Many people who purchase real estate think about factors like how much a property may cost, or how it looks, or whether it is large enough for their needs. What they may not consider, at least at first, is whether local zoning laws might interfere with those ambitions. If they are not careful, though, zoning ordinances may become a major source of legal headaches and financial woes.
What Are Zoning Laws?
Zoning refers to a practice used by most cities, towns and villages, which dictates where certain kinds of buildings can be built and how they can be used. These laws can also regulate the size of buildings, their density, and other factors that might impact the community in which they are built. Zoning laws may also impose environmental regulations, especially in areas where there is concern about pollution or other types of environmental damage.
What Kinds of Zoning Are There?
The three primary types of zoning are residential, commercial, and industrial. These break down as follows:
- Residential: Any area zoned for residential buildings are intended to be places where people live. These are often broken up into “low density” residential areas (including single family homes or buildings with few residential units) and “high density areas” (including apartments and condominiums with large numbers of units).
- Commercial: Any area zoned for places where regular businesses that do not perform manufacturing are located. This may include office buildings, shopping malls, warehouses, hotels, and other similar structures.
- Industrial: Any area zoned for businesses that perform manufacturing or packing, including factories, storage facilities, and power plants.
In addition, some places have “mixed use” zoning, which combines residential and commercial zoning, while others have agricultural zoning, where farmland can be located.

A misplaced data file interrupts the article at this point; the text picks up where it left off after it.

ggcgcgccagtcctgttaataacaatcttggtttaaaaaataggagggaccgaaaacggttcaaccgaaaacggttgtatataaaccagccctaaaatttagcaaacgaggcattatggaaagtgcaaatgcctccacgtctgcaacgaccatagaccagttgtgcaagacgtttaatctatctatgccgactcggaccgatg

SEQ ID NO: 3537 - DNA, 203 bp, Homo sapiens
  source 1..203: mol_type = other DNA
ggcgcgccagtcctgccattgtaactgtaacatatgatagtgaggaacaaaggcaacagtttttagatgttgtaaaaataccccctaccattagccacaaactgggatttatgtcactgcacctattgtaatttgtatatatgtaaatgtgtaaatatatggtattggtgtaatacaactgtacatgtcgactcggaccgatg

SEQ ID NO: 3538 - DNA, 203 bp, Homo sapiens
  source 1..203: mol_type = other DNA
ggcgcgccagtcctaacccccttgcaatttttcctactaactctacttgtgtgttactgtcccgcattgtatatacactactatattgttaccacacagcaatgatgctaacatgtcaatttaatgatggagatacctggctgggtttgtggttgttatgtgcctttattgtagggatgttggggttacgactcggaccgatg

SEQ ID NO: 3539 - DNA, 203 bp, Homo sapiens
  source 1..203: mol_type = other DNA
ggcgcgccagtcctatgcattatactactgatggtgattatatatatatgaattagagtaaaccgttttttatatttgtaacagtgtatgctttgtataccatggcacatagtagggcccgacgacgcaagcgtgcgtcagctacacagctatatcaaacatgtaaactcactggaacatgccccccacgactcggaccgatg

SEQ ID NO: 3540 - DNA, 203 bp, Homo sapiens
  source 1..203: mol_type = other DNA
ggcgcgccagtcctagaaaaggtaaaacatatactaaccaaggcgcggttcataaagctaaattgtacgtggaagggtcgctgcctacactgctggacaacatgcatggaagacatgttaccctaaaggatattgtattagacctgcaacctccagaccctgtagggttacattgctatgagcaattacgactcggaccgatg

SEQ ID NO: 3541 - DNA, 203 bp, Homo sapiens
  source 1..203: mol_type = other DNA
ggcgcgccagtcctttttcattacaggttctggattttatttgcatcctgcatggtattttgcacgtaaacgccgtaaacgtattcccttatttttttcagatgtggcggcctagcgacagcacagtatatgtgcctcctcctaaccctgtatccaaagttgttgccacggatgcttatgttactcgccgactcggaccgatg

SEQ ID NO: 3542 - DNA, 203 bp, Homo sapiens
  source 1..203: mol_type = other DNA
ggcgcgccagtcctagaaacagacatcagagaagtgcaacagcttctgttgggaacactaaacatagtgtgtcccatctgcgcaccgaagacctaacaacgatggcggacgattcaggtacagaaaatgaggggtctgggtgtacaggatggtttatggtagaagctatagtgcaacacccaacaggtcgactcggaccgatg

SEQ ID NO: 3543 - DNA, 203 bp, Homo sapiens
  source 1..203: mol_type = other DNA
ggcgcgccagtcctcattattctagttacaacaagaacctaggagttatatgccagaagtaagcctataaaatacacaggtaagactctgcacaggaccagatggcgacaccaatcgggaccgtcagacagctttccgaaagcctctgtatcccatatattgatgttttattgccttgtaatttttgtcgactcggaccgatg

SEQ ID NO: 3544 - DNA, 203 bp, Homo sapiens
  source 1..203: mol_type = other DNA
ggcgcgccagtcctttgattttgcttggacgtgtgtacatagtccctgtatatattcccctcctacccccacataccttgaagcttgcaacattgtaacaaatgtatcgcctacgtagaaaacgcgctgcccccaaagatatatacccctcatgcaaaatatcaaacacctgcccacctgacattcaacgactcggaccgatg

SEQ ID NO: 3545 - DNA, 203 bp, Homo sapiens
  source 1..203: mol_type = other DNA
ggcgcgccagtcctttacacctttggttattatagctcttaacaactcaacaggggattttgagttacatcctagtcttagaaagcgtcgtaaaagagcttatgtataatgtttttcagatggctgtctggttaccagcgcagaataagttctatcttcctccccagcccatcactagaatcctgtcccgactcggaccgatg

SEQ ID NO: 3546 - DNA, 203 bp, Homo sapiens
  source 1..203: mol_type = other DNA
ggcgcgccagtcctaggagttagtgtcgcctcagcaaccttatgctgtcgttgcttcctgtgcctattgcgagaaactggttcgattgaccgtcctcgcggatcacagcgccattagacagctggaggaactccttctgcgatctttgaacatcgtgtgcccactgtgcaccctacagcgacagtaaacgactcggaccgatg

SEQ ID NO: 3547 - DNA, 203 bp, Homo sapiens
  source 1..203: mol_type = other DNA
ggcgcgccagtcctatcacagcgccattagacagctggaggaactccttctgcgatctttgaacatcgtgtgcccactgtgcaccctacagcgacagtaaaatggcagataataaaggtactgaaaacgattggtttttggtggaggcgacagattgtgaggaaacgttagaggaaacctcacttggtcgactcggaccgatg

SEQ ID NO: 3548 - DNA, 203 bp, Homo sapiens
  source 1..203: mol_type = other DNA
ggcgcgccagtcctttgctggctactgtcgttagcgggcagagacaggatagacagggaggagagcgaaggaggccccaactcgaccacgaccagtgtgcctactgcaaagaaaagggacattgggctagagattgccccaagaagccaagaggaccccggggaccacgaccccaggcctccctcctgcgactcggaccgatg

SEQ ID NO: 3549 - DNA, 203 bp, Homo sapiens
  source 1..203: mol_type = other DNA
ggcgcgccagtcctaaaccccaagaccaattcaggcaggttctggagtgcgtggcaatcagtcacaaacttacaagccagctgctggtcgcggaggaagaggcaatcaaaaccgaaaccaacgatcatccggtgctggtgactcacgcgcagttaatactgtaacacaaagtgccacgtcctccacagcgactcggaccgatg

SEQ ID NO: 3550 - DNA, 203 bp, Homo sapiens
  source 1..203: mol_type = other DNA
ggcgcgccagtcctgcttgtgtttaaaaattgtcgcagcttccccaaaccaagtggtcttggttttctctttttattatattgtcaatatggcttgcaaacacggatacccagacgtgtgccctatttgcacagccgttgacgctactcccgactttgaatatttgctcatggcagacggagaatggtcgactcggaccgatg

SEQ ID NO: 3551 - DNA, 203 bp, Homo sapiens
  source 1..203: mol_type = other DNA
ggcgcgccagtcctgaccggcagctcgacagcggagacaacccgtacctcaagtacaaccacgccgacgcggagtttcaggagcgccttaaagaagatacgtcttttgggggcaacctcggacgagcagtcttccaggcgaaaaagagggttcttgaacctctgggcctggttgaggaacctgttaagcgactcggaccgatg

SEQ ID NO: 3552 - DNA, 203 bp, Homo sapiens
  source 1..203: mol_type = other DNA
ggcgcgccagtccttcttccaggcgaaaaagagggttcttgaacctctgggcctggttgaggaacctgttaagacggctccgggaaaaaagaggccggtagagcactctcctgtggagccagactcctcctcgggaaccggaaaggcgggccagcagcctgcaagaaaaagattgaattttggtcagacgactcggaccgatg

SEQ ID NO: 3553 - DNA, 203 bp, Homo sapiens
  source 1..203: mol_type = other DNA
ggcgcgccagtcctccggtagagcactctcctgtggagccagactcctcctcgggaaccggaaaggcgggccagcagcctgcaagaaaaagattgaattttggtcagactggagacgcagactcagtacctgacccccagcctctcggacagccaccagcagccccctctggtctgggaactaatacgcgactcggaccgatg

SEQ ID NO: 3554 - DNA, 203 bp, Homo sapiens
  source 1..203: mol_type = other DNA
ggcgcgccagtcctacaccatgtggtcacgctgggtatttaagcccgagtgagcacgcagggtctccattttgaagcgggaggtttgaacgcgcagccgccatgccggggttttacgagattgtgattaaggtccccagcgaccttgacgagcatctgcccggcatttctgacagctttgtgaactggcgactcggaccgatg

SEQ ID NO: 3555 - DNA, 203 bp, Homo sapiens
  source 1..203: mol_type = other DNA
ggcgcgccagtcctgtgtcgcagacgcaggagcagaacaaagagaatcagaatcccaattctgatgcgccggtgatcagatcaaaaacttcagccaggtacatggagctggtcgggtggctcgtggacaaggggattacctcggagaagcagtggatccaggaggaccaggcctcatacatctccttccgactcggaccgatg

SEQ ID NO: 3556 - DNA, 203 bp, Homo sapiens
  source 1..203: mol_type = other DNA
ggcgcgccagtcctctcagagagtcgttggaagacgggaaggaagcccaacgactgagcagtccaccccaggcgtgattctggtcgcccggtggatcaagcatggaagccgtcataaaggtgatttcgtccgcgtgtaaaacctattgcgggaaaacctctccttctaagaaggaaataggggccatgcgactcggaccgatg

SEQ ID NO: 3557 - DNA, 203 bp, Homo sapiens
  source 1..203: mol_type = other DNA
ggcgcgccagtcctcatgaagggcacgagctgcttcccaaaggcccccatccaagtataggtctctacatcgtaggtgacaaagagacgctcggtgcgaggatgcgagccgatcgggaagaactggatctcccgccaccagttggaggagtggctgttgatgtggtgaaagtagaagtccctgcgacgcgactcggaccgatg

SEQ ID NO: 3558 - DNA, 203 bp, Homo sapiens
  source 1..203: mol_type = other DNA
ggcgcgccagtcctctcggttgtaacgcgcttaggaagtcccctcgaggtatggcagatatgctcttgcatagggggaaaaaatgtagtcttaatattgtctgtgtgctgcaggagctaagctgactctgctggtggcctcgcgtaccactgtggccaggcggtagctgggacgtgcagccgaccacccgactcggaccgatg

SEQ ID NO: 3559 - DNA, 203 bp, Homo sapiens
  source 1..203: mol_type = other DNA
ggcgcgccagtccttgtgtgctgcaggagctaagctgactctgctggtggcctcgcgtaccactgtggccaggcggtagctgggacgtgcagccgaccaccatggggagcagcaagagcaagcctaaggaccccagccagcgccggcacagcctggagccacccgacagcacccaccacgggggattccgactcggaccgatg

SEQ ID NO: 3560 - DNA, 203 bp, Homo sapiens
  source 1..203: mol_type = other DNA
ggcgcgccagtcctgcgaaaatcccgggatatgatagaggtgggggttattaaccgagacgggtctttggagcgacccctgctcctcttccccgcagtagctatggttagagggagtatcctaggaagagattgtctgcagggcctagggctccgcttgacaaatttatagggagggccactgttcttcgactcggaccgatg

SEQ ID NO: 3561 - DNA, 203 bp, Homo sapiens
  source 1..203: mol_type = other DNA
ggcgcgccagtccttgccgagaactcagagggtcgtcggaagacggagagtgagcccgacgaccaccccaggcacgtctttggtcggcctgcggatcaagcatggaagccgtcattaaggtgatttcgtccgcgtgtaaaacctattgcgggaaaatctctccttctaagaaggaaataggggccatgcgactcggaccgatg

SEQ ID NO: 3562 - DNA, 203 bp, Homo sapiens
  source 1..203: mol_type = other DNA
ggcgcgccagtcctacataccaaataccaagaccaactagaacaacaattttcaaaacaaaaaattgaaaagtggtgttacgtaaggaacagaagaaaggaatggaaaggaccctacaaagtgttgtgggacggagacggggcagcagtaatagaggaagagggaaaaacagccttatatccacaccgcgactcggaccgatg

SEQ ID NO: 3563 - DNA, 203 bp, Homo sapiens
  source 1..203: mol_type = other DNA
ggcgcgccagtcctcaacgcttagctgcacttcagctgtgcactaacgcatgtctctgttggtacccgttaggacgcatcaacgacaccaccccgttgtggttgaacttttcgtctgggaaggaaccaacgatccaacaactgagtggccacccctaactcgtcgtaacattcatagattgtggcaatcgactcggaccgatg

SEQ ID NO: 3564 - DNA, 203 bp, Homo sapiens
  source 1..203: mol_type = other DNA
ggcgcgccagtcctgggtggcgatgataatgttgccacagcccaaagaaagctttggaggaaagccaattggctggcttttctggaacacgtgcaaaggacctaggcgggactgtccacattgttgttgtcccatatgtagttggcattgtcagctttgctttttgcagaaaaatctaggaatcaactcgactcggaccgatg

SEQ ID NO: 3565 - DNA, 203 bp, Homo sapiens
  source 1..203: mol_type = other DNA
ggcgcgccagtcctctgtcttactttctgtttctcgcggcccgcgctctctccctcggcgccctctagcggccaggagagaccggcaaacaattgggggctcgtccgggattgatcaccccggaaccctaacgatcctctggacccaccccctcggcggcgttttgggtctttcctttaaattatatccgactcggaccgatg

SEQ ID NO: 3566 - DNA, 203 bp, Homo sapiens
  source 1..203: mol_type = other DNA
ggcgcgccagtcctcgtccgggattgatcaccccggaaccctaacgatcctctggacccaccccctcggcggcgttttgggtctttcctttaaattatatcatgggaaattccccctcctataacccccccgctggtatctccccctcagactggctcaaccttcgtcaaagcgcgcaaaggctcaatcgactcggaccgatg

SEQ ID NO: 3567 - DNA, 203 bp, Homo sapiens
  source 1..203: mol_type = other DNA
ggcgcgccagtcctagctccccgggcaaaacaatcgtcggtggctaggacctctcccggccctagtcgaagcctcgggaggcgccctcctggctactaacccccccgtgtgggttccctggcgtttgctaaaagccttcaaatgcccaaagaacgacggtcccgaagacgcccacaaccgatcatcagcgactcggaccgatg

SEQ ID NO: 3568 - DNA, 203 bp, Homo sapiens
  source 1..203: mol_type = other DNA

How Is it Possible to Violate Zoning Laws?
The primary way that people violate zoning laws is by attempting to build a type of building on a property that is not zoned for it. Other times, someone may modify a building in a way that makes it incompatible with zoning ordinances, such as by converting a single family home into a multi-family apartment building. In still other cases, someone may construct their building in a way that obstructs other buildings, limiting light or air flow in a way that violates local zoning laws.
What Happens if You Violate Zoning Laws?
Anyone who violates zoning regulations may find themselves dealing with significant legal and financial consequences. Any construction on the property may be halted, and the developer may face significant legal costs and fines trying to work out the problems. That is why you should hire a real estate lawyer with knowledge of zoning law, who can make sure you are in compliance before it becomes a problem.
The law office of Georgaklis & Mallas PLLC is experienced in various areas of real estate-related transactions. The firm’s skilled attorneys handle both commercial and residential transactions on behalf of lending institutions, real estate investment and management companies, business and individual clients. Call (718) 238-2400 for more information or to schedule a consultation.